"substitute", "backup" and "reserve"?

Are there any differences among “substitute”, “backup” and “reserve”?
(I think there aren’t any)

Many thanks

Hi Nessie,

Is there any problem with a certain context you’d want to use these words in?

See you,


No Ralf, I just came across them, then I looked up in my dictionary and felt that they are very similar.

Hi Nessie,

That’s a broad question, isn’t it? The words have a lot in common as they all point to the general idea of replacement. ‘Substitute’ can refer to a person who is standing in for another as in players in sport or for a thing used in food preparation because the ‘real’ thing isn’t available. ‘Backup’ is often used in computing where material is kept back somewhere just in case the original material gets lost. ‘Reserve’ to me suggests most often the idea of someone standing by to take over when the usual person is unable to continue - again sport comes to mind. These are just a few ideas but no doubt the floodgates will open and you’ll get loads more examples from others.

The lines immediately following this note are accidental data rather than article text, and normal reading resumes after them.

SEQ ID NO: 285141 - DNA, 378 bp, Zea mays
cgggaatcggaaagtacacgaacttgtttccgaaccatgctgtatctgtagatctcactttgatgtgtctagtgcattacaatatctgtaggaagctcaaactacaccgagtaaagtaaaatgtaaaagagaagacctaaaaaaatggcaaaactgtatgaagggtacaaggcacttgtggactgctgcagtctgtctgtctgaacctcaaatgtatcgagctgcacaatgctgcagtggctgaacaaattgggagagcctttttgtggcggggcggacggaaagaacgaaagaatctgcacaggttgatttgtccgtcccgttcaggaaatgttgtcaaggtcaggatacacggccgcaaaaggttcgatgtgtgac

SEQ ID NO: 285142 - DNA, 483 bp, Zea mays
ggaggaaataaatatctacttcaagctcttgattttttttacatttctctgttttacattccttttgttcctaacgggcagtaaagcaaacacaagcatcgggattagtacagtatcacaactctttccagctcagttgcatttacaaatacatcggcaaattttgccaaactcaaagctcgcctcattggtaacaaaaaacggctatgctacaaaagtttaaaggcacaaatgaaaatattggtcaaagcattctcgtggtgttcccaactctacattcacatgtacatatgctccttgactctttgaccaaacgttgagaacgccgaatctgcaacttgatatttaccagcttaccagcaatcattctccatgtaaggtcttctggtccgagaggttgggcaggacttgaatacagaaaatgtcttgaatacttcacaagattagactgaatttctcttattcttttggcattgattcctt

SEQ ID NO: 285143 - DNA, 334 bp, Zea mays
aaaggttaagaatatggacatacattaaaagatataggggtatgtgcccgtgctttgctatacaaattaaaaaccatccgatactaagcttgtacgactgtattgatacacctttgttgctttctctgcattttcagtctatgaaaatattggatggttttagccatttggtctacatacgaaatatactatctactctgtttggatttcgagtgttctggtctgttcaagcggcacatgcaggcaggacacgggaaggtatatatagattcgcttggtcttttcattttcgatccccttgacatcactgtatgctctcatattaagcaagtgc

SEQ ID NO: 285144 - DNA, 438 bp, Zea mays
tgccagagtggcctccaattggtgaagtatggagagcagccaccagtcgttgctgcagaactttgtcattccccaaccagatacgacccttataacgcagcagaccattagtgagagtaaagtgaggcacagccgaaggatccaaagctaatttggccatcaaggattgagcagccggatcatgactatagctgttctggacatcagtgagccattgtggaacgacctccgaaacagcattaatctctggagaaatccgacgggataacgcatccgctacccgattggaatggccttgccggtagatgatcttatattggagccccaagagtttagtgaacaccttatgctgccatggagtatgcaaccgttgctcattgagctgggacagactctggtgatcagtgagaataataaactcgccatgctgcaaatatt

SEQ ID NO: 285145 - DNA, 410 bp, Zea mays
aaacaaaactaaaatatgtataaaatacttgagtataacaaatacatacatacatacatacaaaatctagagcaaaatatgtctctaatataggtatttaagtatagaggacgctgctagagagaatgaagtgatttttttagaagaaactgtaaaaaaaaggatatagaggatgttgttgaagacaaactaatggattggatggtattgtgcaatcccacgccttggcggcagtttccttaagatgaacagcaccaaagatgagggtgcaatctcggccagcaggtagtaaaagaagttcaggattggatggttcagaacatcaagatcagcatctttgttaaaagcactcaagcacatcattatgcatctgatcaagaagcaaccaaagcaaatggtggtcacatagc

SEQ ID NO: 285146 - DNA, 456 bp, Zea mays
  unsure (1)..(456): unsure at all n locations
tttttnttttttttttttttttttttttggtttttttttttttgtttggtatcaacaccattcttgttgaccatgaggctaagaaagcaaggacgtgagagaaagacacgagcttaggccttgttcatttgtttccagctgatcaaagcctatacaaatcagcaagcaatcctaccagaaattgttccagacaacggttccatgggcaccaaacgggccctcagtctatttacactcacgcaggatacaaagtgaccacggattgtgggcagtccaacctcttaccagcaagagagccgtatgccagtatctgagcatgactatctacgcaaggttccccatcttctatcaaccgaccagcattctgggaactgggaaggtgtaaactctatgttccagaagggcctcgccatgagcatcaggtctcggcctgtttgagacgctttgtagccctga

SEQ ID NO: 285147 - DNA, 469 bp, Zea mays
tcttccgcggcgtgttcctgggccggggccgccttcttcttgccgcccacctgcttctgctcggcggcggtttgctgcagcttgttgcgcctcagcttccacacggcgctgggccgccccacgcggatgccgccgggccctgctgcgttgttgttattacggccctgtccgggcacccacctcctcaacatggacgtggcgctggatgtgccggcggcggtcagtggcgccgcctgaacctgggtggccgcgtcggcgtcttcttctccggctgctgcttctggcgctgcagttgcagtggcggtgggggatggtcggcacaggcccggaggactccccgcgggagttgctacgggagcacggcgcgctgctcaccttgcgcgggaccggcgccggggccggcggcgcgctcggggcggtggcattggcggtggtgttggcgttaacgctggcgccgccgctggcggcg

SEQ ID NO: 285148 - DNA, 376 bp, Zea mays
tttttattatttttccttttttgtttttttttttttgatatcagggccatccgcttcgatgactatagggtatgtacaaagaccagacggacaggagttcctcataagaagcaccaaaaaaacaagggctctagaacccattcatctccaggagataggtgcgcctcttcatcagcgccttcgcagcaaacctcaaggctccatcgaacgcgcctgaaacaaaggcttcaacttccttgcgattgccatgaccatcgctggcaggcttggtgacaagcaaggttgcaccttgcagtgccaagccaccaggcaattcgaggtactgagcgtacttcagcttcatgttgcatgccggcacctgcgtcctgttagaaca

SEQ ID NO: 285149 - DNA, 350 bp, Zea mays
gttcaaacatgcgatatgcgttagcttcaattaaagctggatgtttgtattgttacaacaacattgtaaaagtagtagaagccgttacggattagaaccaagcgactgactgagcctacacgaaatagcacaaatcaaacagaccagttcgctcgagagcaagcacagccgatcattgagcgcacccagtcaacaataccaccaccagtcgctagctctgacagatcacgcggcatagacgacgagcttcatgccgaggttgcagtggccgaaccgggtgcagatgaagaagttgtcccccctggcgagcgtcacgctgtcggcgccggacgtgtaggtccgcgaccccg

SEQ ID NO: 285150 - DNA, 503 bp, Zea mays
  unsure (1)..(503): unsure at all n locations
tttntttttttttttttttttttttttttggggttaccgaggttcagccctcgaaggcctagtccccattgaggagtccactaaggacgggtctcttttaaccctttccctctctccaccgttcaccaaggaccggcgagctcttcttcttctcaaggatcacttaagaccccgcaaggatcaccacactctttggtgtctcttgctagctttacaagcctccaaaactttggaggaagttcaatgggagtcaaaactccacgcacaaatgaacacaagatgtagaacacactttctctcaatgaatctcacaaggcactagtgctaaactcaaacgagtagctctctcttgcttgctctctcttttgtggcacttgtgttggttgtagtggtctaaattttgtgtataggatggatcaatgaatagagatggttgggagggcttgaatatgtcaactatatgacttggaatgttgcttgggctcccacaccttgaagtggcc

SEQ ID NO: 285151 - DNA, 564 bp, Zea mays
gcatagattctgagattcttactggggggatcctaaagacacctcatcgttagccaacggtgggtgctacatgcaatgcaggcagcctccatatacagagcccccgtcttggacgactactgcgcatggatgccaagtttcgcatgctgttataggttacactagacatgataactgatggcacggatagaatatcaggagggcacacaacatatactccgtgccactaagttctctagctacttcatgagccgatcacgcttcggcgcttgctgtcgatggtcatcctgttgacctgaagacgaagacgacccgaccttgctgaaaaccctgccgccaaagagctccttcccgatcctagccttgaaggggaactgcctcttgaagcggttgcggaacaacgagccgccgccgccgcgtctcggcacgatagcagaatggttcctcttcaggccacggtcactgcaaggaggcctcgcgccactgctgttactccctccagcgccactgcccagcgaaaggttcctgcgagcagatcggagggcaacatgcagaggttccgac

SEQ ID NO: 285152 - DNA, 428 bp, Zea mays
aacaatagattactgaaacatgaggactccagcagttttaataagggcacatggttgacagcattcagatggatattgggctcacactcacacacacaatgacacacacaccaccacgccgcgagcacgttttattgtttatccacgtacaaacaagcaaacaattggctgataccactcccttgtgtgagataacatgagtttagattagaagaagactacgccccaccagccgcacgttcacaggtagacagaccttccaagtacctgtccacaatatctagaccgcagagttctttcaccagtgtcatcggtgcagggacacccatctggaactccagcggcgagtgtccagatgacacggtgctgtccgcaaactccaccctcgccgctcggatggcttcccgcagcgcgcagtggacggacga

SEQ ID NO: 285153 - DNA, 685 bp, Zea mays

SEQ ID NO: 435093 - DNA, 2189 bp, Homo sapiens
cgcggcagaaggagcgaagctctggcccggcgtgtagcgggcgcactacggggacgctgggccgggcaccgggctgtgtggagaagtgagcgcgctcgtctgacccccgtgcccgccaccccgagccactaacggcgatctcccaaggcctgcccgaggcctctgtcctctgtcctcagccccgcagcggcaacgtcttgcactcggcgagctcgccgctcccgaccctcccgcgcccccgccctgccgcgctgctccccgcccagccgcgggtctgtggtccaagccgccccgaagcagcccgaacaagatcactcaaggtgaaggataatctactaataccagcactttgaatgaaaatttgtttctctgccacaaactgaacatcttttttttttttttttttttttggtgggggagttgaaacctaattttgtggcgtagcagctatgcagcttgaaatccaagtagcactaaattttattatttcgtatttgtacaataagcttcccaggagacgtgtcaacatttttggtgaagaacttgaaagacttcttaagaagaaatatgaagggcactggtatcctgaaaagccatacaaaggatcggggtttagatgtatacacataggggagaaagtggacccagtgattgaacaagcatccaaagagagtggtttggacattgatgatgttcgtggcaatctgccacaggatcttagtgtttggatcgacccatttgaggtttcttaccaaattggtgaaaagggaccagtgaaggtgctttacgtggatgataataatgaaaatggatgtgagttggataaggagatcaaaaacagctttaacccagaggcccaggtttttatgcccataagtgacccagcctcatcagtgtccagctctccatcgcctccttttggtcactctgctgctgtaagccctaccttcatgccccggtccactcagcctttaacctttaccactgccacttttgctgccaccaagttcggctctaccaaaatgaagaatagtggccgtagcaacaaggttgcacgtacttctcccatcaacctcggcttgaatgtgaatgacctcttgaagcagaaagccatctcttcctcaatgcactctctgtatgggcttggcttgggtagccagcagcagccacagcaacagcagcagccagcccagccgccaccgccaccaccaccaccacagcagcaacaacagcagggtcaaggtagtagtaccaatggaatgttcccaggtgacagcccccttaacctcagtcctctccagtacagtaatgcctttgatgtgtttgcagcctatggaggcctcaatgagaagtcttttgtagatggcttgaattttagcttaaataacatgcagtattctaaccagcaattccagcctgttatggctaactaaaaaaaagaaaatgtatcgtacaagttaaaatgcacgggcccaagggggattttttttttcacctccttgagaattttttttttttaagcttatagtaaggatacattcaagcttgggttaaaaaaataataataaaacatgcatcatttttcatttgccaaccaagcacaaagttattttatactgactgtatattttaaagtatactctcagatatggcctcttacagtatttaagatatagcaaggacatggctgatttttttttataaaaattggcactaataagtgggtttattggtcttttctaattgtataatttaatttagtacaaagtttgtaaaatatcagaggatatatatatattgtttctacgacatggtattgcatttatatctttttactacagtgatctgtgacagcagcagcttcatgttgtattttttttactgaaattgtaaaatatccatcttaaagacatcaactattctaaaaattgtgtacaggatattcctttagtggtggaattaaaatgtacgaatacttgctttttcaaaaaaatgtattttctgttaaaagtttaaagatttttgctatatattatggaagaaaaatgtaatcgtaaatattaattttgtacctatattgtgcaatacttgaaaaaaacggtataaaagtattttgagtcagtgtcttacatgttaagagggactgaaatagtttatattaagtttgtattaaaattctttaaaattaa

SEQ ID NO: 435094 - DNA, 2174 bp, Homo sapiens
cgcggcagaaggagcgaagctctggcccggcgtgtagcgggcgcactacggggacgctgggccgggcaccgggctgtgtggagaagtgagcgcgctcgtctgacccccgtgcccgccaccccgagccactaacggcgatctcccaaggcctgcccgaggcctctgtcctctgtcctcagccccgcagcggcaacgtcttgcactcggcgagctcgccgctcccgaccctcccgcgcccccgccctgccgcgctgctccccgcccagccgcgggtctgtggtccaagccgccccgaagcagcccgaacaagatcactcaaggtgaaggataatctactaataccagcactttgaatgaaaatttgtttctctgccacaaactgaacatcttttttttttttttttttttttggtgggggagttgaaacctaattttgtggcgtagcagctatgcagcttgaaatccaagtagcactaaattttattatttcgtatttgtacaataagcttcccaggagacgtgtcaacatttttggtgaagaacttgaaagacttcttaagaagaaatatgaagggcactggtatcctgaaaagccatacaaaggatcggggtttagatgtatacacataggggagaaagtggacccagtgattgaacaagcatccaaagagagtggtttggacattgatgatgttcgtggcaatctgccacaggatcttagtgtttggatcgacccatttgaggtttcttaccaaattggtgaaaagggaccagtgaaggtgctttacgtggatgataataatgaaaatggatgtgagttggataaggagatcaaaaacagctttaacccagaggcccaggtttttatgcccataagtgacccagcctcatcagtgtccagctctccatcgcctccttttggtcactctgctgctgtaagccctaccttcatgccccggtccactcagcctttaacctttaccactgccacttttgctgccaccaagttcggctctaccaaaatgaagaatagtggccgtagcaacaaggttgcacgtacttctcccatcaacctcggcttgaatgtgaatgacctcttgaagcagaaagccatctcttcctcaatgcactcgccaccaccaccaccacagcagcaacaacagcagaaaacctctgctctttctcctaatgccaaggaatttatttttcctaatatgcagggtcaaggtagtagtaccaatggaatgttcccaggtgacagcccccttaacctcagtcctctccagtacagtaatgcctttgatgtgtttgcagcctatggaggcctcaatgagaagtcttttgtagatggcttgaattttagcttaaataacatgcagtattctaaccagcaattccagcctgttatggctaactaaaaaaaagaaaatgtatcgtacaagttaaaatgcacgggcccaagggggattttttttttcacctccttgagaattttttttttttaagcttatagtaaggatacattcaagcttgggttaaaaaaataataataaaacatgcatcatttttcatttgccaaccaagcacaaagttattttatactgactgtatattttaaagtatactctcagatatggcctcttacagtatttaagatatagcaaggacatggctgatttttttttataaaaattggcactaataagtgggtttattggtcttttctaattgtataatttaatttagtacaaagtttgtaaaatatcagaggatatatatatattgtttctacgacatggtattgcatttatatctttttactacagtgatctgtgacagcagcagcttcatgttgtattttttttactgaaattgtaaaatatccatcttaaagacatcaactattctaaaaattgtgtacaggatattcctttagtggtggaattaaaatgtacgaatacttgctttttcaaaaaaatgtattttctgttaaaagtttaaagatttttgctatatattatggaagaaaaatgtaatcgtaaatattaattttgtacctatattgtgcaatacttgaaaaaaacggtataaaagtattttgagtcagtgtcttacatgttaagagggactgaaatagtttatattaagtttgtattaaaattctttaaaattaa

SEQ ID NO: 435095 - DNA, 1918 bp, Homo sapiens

Hi Nessie

Here are a few examples:

We often talk about a ‘substitute teacher’ – a teacher who temporarily takes the place of another teacher (e.g. because the regular teacher is out sick with the flu). I would not use ‘reserve’ or ‘back-up’ in this case.

You might make back-up copies of important documents on a CD. These copies could be used to permanently replace the ones located in your PC if your PC bit the dust, for example. (I would not use ‘substitute’ or ‘reserve’ here.)

You might keep some reserve cash hidden away in a cookie jar in the kitchen. This would be part of all of your cash, but this reserve is held somewhere away from the rest until it is needed for something out of the ordinary (i.e. for an unexpected or unplanned reason, or simply for something extra special). I definitely would not use the word ‘substitute’ in this case because this money in reserve does not replace anything. The word ‘back-up’ would not be a usual way to refer to this.